From the April 2012 issue

I’ve read about background radiation fields that fill the universe. Is the infrared radiation as ancient as the microwave, and are there other cosmic fields of radiation besides these two?

Nicholas Weeks, Moorpark, California
By | Published: April 23, 2012 | Last updated on May 18, 2023
When scientists are observing the cosmic infrared background, they’re seeing the universe as it was at an age of about 1 million years. Credit: ESA/Planck consortium
When scientists talk about radiation, they are referring to photons, which are massless particles. According to quantum mechanics, the energy of a photon is directly proportional to its frequency (i.e. the frequency of the radiation) and inversely proportional to the wavelength at which it is observed. So, the shorter the wavelength, the higher the frequency, and the longer the wavelength, the lower the frequency.

Radiation spans a huge range of wavelengths, and thus photons can have a correspondingly large range of energies. From short wavelengths to long (and thus high to low frequencies), these ranges are gamma ray, X-ray, ultraviolet, visible, infrared, microwave, and radio. Astrophysical objects emit some wavelengths more than others, depending on what they are. Low-mass stars radiate in infrared and visible, whereas supernova remnants emit X-rays and visible.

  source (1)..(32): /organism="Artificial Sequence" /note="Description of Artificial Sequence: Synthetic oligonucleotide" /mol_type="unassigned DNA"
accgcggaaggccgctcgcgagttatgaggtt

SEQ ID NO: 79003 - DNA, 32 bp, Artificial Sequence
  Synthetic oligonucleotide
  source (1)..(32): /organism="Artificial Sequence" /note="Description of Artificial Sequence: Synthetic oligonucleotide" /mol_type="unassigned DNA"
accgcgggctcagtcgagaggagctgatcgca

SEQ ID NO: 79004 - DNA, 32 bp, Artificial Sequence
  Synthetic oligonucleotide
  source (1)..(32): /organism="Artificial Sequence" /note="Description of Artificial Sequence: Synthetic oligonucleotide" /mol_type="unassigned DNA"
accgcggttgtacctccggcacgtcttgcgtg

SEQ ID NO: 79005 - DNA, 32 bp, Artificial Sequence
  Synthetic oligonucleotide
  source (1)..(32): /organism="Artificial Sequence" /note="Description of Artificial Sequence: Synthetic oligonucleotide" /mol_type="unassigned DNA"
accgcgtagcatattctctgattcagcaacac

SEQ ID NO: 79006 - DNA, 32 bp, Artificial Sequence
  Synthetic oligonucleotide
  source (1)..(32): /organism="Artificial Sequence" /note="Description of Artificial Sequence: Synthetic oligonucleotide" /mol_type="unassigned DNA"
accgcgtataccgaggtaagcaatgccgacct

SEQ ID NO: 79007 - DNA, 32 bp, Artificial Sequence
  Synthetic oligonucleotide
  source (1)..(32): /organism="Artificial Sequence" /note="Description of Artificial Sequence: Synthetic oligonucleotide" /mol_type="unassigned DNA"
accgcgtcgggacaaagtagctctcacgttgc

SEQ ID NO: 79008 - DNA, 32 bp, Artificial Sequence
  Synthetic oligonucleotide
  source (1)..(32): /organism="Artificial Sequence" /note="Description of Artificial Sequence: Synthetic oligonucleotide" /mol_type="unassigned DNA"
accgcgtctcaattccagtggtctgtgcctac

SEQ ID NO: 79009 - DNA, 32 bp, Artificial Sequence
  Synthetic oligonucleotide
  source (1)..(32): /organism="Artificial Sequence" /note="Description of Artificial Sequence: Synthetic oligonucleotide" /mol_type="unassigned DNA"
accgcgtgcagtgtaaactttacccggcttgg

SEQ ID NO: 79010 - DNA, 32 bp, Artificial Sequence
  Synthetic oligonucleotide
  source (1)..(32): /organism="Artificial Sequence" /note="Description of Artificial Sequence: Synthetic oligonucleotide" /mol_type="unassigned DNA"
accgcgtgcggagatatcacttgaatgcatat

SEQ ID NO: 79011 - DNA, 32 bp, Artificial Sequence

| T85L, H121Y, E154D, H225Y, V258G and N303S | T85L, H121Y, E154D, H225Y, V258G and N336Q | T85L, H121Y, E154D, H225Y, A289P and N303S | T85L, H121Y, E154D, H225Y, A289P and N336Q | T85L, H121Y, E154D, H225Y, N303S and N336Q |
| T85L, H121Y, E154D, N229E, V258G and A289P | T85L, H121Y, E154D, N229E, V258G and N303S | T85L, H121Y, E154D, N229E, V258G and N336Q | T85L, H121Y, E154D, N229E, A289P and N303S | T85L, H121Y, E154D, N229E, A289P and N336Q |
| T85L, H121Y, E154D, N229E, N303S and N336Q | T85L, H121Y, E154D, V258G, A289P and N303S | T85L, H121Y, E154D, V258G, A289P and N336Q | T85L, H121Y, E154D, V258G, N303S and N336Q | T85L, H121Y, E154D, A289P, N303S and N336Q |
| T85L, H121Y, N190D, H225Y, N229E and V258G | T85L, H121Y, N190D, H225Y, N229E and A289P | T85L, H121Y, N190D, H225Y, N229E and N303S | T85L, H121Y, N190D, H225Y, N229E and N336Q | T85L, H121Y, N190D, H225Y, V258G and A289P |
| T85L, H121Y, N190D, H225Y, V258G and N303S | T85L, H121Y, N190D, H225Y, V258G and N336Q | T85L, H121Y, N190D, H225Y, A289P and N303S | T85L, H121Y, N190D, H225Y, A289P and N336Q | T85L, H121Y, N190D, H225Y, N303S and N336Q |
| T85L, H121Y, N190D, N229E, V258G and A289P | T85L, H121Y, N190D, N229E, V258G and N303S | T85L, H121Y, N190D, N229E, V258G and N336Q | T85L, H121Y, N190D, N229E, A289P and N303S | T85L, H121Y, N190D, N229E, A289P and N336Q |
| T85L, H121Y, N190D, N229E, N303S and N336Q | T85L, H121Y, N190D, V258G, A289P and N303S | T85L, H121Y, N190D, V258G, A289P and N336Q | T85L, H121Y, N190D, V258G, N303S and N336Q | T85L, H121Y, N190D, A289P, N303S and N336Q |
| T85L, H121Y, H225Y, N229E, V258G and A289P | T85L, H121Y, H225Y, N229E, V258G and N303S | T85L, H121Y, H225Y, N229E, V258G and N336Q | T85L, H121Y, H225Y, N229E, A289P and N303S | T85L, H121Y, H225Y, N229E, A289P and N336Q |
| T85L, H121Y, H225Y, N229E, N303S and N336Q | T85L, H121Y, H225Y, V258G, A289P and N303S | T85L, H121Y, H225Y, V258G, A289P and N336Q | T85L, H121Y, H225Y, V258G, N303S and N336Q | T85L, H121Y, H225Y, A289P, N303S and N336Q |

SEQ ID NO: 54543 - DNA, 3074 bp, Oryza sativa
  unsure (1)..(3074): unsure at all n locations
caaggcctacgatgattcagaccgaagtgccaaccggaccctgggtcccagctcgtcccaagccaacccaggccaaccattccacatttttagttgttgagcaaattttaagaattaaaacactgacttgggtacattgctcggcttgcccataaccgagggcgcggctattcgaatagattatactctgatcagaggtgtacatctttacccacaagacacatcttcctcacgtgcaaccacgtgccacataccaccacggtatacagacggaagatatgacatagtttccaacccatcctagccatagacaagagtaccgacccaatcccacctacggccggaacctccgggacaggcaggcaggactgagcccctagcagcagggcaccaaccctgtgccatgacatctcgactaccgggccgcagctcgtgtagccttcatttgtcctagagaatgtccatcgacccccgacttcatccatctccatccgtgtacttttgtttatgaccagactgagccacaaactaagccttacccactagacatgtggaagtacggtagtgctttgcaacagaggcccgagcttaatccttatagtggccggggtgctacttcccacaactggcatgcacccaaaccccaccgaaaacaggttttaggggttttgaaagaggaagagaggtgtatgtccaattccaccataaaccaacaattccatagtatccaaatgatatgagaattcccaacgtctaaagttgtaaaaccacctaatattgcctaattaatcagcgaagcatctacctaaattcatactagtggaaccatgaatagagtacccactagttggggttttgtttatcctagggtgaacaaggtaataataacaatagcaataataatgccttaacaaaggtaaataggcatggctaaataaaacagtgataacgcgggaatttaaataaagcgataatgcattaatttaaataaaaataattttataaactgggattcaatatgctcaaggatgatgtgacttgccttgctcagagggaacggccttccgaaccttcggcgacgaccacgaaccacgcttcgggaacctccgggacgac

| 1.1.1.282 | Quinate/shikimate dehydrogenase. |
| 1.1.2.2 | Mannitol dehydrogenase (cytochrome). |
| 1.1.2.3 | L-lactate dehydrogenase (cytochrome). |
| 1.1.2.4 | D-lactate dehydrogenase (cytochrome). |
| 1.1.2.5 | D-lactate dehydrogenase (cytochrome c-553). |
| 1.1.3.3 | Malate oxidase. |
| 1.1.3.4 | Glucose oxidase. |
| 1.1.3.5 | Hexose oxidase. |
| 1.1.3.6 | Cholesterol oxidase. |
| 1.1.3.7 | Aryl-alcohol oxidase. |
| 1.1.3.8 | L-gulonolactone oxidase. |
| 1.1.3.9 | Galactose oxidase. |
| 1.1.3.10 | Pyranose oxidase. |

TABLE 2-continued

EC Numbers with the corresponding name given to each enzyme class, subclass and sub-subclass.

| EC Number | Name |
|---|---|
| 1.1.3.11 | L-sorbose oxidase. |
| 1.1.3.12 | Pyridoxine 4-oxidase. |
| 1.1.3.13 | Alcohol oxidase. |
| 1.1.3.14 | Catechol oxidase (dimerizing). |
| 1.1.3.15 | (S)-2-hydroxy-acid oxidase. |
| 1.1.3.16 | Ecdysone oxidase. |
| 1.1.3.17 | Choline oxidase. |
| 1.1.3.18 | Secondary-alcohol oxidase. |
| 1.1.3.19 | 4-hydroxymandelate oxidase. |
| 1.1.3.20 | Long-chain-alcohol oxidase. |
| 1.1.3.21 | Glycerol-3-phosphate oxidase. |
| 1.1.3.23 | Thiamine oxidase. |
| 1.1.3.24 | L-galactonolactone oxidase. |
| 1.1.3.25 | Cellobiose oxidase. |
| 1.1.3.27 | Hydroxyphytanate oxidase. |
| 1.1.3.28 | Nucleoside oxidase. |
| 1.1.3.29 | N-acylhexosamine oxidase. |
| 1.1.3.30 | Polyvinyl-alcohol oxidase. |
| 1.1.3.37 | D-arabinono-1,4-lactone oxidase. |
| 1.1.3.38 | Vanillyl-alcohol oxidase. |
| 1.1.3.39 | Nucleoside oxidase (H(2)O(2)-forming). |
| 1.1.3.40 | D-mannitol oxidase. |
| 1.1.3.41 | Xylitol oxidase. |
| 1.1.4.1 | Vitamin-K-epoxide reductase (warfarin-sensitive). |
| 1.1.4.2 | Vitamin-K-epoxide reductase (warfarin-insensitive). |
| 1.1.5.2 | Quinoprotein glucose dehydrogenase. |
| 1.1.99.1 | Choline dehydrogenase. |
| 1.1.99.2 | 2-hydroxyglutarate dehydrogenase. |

The cosmic background radiation currently emits mainly at microwave wavelengths; its radiation intensity peaks at a wavelength of approximately 2 millimeters (about 0.1 inch). However, photons stretch as the universe expands, and their wavelengths get longer (energy decreases) as the expanding universe gets older. Therefore, the cosmic background radiation used to have a shorter wavelength (higher energy) when the universe was younger and smaller. When the universe was 1 million years old, the cosmic background was mostly infrared radiation.

In addition to the cosmic microwave background radiation left over from the early universe, today we observe photons emitted from stars and galaxies in the cosmos at all frequencies, including gamma ray, visible, infrared, and radio. This emission from stars and galaxies is typically brighter, and thus more easily observed, than that from the background radiation. — Dragan Huterer, University of Michigan, Ann Arbor